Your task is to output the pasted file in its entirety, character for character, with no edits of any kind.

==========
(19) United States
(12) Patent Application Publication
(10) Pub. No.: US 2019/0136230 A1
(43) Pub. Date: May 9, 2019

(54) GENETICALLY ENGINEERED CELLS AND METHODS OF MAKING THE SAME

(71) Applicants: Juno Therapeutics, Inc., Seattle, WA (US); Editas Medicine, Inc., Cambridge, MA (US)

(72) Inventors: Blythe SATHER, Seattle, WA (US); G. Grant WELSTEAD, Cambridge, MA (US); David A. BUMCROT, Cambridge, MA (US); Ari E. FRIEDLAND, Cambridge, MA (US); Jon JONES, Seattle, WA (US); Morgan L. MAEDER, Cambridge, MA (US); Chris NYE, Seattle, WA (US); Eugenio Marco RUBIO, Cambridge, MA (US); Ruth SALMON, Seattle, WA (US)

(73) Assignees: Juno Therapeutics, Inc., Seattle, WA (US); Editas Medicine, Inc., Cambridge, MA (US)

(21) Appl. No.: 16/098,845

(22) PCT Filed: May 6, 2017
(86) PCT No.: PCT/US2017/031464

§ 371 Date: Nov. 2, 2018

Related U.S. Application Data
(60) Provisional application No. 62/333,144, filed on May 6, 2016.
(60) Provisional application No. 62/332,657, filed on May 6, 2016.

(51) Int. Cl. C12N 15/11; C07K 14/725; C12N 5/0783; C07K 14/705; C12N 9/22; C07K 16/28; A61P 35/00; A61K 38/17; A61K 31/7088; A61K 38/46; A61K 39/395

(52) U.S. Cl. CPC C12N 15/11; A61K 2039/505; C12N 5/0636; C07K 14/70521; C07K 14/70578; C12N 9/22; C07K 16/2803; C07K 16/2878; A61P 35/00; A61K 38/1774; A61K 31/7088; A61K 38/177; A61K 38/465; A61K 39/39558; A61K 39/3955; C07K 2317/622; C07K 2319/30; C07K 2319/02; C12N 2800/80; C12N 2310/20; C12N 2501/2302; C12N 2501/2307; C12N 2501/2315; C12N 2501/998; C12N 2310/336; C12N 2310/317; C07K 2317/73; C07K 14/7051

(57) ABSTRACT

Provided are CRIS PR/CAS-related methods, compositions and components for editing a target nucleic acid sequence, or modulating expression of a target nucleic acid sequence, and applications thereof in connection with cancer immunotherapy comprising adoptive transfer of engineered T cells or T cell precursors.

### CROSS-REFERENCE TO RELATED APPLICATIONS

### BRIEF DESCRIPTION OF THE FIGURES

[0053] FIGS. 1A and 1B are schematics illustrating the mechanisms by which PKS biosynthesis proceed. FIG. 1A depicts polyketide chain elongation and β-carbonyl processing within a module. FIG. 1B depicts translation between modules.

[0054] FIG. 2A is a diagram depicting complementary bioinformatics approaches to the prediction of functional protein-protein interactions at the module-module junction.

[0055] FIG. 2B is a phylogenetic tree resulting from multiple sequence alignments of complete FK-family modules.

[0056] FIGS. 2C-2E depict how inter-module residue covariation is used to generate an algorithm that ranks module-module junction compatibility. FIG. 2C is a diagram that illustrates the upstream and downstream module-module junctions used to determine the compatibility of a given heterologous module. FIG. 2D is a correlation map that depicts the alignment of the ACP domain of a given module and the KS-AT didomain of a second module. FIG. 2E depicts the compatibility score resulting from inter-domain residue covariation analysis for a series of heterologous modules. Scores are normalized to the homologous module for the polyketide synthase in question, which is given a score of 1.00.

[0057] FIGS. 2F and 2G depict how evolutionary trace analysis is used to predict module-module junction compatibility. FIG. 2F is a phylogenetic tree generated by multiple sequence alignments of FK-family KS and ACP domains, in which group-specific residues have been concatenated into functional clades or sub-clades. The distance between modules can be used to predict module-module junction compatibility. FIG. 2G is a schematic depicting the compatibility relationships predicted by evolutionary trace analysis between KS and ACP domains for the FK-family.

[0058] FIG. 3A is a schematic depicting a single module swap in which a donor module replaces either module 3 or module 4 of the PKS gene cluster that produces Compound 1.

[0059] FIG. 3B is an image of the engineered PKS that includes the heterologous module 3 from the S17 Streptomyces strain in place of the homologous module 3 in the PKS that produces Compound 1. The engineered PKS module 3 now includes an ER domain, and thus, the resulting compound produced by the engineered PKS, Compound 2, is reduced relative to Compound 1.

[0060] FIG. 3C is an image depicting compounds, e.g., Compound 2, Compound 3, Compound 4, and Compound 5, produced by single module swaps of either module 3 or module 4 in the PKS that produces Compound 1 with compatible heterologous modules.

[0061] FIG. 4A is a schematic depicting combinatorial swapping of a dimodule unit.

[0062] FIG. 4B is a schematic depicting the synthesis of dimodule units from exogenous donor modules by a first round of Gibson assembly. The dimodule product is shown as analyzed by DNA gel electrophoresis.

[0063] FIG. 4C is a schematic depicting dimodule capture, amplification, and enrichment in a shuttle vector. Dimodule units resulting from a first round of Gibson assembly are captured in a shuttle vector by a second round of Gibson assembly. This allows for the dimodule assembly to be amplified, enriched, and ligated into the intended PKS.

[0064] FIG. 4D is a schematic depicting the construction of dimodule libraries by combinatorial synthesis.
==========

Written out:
(19) United States
(12) Patent Application Publication
(10) Pub. No.: US 2019/0136230 A1
(43) Pub. Date: May 9, 2019

(54) GENETICALLY ENGINEERED CELLS AND METHODS OF MAKING THE SAME

(71) Applicants: Juno Therapeutics, Inc., Seattle, WA (US); Editas Medicine, Inc., Cambridge, MA (US)

(72) Inventors: Blythe SATHER, Seattle, WA (US); G. Grant WELSTEAD, Cambridge, MA (US); David A. BUMCROT, Cambridge, MA (US); Ari E. FRIEDLAND, Cambridge, MA (US); Jon JONES, Seattle, WA (US); Morgan L. MAEDER, Cambridge, MA (US); Chris NYE, Seattle, WA (US); Eugenio Marco RUBIO, Cambridge, MA (US); Ruth SALMON, Seattle, WA (US)

(73) Assignees: Juno Therapeutics, Inc., Seattle, WA (US); Editas Medicine, Inc., Cambridge, MA (US)

(21) Appl. No.: 16/098,845

(22) PCT Filed: May 6, 2017
(86) PCT No.: PCT/US2017/031464

§ 371 Date: Nov. 2, 2018

Related U.S. Application Data
(60) Provisional application No. 62/333,144, filed on May 6, 2016.
(60) Provisional application No. 62/332,657, filed on May 6, 2016.

(51) Int. Cl. C12N 15/11; C07K 14/725; C12N 5/0783; C07K 14/705; C12N 9/22; C07K 16/28; A61P 35/00; A61K 38/17; A61K 31/7088; A61K 38/46; A61K 39/395

(52) U.S. Cl. CPC C12N 15/11; A61K 2039/505; C12N 5/0636; C07K 14/70521; C07K 14/70578; C12N 9/22; C07K 16/2803; C07K 16/2878; A61P 35/00; A61K 38/1774; A61K 31/7088; A61K 38/177; A61K 38/465; A61K 39/39558; A61K 39/3955; C07K 2317/622; C07K 2319/30; C07K 2319/02; C12N 2800/80; C12N 2310/20; C12N 2501/2302; C12N 2501/2307; C12N 2501/2315; C12N 2501/998; C12N 2310/336; C12N 2310/317; C07K 2317/73; C07K 14/7051

(57) ABSTRACT

Provided are CRIS PR/CAS-related methods, compositions and components for editing a target nucleic acid sequence, or modulating expression of a target nucleic acid sequence, and applications thereof in connection with cancer immunotherapy comprising adoptive transfer of engineered T cells or T cell precursors.

### CROSS-REFERENCE TO RELATED APPLICATIONS

### BRIEF DESCRIPTION OF THE FIGURES

[0053] FIGS. 1A and 1B are schematics illustrating the mechanisms by which PKS biosynthesis proceed. FIG. 1A depicts polyketide chain elongation and β-carbonyl processing within a module. FIG. 1B depicts translation between modules.

[0054] FIG. 2A is a diagram depicting complementary bioinformatics approaches to the prediction of functional protein-protein interactions at the module-module junction.

[0055] FIG. 2B is a phylogenetic tree resulting from multiple sequence alignments of complete FK-family modules.

[0056] FIGS. 2C-2E depict how inter-module residue covariation is used to generate an algorithm that ranks module-module junction compatibility. FIG. 2C is a diagram that illustrates the upstream and downstream module-module junctions used to determine the compatibility of a given heterologous module. FIG. 2D is a correlation map that depicts the alignment of the ACP domain of a given module and the KS-AT didomain of a second module. FIG. 2E depicts the compatibility score resulting from inter-domain residue covariation analysis for a series of heterologous modules. Scores are normalized to the homologous module for the polyketide synthase in question, which is given a score of 1.00.

[0057] FIGS. 2F and 2G depict how evolutionary trace analysis is used to predict module-module junction compatibility. FIG. 2F is a phylogenetic tree generated by multiple sequence alignments of FK-family KS and ACP domains, in which group-specific residues have been concatenated into functional clades or sub-clades. The distance between modules can be used to predict module-module junction compatibility. FIG. 2G is a schematic depicting the compatibility relationships predicted by evolutionary trace analysis between KS and ACP domains for the FK-family.

[0058] FIG. 3A is a schematic depicting a single module swap in which a donor module replaces either module 3 or module 4 of the PKS gene cluster that produces Compound 1.

[0059] FIG. 3B is an image of the engineered PKS that includes the heterologous module 3 from the S17 Streptomyces strain in place of the homologous module 3 in the PKS that produces Compound 1. The engineered PKS module 3 now includes an ER domain, and thus, the resulting compound produced by the engineered PKS, Compound 2, is reduced relative to Compound 1.

[0060] FIG. 3C is an image depicting compounds, e.g., Compound 2, Compound 3, Compound 4, and Compound 5, produced by single module swaps of either module 3 or module 4 in the PKS that produces Compound 1 with compatible heterologous modules.

[0061] FIG. 4A is a schematic depicting combinatorial swapping of a dimodule unit.

[0062] FIG. 4B is a schematic depicting the synthesis of dimodule units from exogenous donor modules by a first round of Gibson assembly. The dimodule product is shown as analyzed by DNA gel electrophoresis.

[0063] FIG. 4C is a schematic depicting dimodule capture, amplification, and enrichment in a shuttle vector. Dimodule units resulting from a first round of Gibson assembly are captured in a shuttle vector by a second round of Gibson assembly. This allows for the dimodule assembly to be amplified, enriched, and ligated into the intended PKS.

[0064] FIG. 4D is a schematic depicting the construction of dimodule libraries by combinatorial synthesis.